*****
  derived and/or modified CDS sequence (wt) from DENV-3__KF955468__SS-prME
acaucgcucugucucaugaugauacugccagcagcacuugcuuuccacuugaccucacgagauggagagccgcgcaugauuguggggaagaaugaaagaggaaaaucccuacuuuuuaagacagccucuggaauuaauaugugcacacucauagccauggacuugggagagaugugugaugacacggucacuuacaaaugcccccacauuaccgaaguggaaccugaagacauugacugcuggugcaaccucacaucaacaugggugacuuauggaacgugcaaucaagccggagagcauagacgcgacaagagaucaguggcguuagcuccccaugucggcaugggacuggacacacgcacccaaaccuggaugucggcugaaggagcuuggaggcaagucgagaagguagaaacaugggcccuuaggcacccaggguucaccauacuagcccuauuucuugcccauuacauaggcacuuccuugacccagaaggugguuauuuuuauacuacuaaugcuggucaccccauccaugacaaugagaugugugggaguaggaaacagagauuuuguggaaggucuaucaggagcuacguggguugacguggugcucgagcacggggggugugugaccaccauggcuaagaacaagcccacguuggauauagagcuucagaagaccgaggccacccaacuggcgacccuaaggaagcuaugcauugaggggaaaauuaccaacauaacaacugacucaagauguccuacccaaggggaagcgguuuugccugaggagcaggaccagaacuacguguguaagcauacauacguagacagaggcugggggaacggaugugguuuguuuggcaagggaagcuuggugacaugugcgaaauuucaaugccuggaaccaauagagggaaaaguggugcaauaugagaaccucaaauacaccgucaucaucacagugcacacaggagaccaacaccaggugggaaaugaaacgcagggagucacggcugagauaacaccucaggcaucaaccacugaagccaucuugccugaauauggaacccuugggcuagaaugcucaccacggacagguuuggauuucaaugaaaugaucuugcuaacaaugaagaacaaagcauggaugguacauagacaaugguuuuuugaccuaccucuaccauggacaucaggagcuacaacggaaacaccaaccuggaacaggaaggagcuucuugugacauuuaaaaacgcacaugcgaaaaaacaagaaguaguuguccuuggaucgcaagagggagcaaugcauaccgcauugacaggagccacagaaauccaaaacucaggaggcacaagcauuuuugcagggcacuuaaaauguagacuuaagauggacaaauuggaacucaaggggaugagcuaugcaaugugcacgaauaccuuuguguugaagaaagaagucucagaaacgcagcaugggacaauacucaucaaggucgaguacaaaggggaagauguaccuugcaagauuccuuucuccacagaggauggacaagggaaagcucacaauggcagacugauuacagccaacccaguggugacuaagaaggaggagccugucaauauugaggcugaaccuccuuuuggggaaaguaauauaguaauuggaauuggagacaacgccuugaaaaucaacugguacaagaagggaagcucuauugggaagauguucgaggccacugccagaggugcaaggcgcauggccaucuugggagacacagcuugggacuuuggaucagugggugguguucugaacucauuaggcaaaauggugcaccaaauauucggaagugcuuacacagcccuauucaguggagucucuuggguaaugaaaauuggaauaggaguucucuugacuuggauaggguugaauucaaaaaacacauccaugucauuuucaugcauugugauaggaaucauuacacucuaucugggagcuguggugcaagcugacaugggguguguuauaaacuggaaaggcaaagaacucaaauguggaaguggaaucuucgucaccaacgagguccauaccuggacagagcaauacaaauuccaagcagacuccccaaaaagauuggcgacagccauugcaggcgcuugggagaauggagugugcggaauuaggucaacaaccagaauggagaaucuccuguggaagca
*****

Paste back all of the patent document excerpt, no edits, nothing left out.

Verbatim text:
  derived and/or modified CDS sequence (wt) from DENV-3__KF955468__SS-prME
acaucgcucugucucaugaugauacugccagcagcacuugcuuuccacuugaccucacgagauggagagccgcgcaugauuguggggaagaaugaaagaggaaaaucccuacuuuuuaagacagccucuggaauuaauaugugcacacucauagccauggacuugggagagaugugugaugacacggucacuuacaaaugcccccacauuaccgaaguggaaccugaagacauugacugcuggugcaaccucacaucaacaugggugacuuauggaacgugcaaucaagccggagagcauagacgcgacaagagaucaguggcguuagcuccccaugucggcaugggacuggacacacgcacccaaaccuggaugucggcugaaggagcuuggaggcaagucgagaagguagaaacaugggcccuuaggcacccaggguucaccauacuagcccuauuucuugcccauuacauaggcacuuccuugacccagaaggugguuauuuuuauacuacuaaugcuggucaccccauccaugacaaugagaugugugggaguaggaaacagagauuuuguggaaggucuaucaggagcuacguggguugacguggugcucgagcacggggggugugugaccaccauggcuaagaacaagcccacguuggauauagagcuucagaagaccgaggccacccaacuggcgacccuaaggaagcuaugcauugaggggaaaauuaccaacauaacaacugacucaagauguccuacccaaggggaagcgguuuugccugaggagcaggaccagaacuacguguguaagcauacauacguagacagaggcugggggaacggaugugguuuguuuggcaagggaagcuuggugacaugugcgaaauuucaaugccuggaaccaauagagggaaaaguggugcaauaugagaaccucaaauacaccgucaucaucacagugcacacaggagaccaacaccaggugggaaaugaaacgcagggagucacggcugagauaacaccucaggcaucaaccacugaagccaucuugccugaauauggaacccuugggcuagaaugcucaccacggacagguuuggauuucaaugaaaugaucuugcuaacaaugaagaacaaagcauggaugguacauagacaaugguuuuuugaccuaccucuaccauggacaucaggagcuacaacggaaacaccaaccuggaacaggaaggagcuucuugugacauuuaaaaacgcacaugcgaaaaaacaagaaguaguuguccuuggaucgcaagagggagcaaugcauaccgcauugacaggagccacagaaauccaaaacucaggaggcacaagcauuuuugcagggcacuuaaaauguagacuuaagauggacaaauuggaacucaaggggaugagcuaugcaaugugcacgaauaccuuuguguugaagaaagaagucucagaaacgcagcaugggacaauacucaucaaggucgaguacaaaggggaagauguaccuugcaagauuccuuucuccacagaggauggacaagggaaagcucacaauggcagacugauuacagccaacccaguggugacuaagaaggaggagccugucaauauugaggcugaaccuccuuuuggggaaaguaauauaguaauuggaauuggagacaacgccuugaaaaucaacugguacaagaagggaagcucuauugggaagauguucgaggccacugccagaggugcaaggcgcauggccaucuugggagacacagcuugggacuuuggaucagugggugguguucugaacucauuaggcaaaauggugcaccaaauauucggaagugcuuacacagcccuauucaguggagucucuuggguaaugaaaauuggaauaggaguucucuugacuuggauaggguugaauucaaaaaacacauccaugucauuuucaugcauugugauaggaaucauuacacucuaucugggagcuguggugcaagcugacaugggguguguuauaaacuggaaaggcaaagaacucaaauguggaaguggaaucuucgucaccaacgagguccauaccuggacagagcaauacaaauuccaagcagacuccccaaaaagauuggcgacagccauugcaggcgcuugggagaauggagugugcggaauuaggucaacaaccagaauggagaaucuccuguggaagca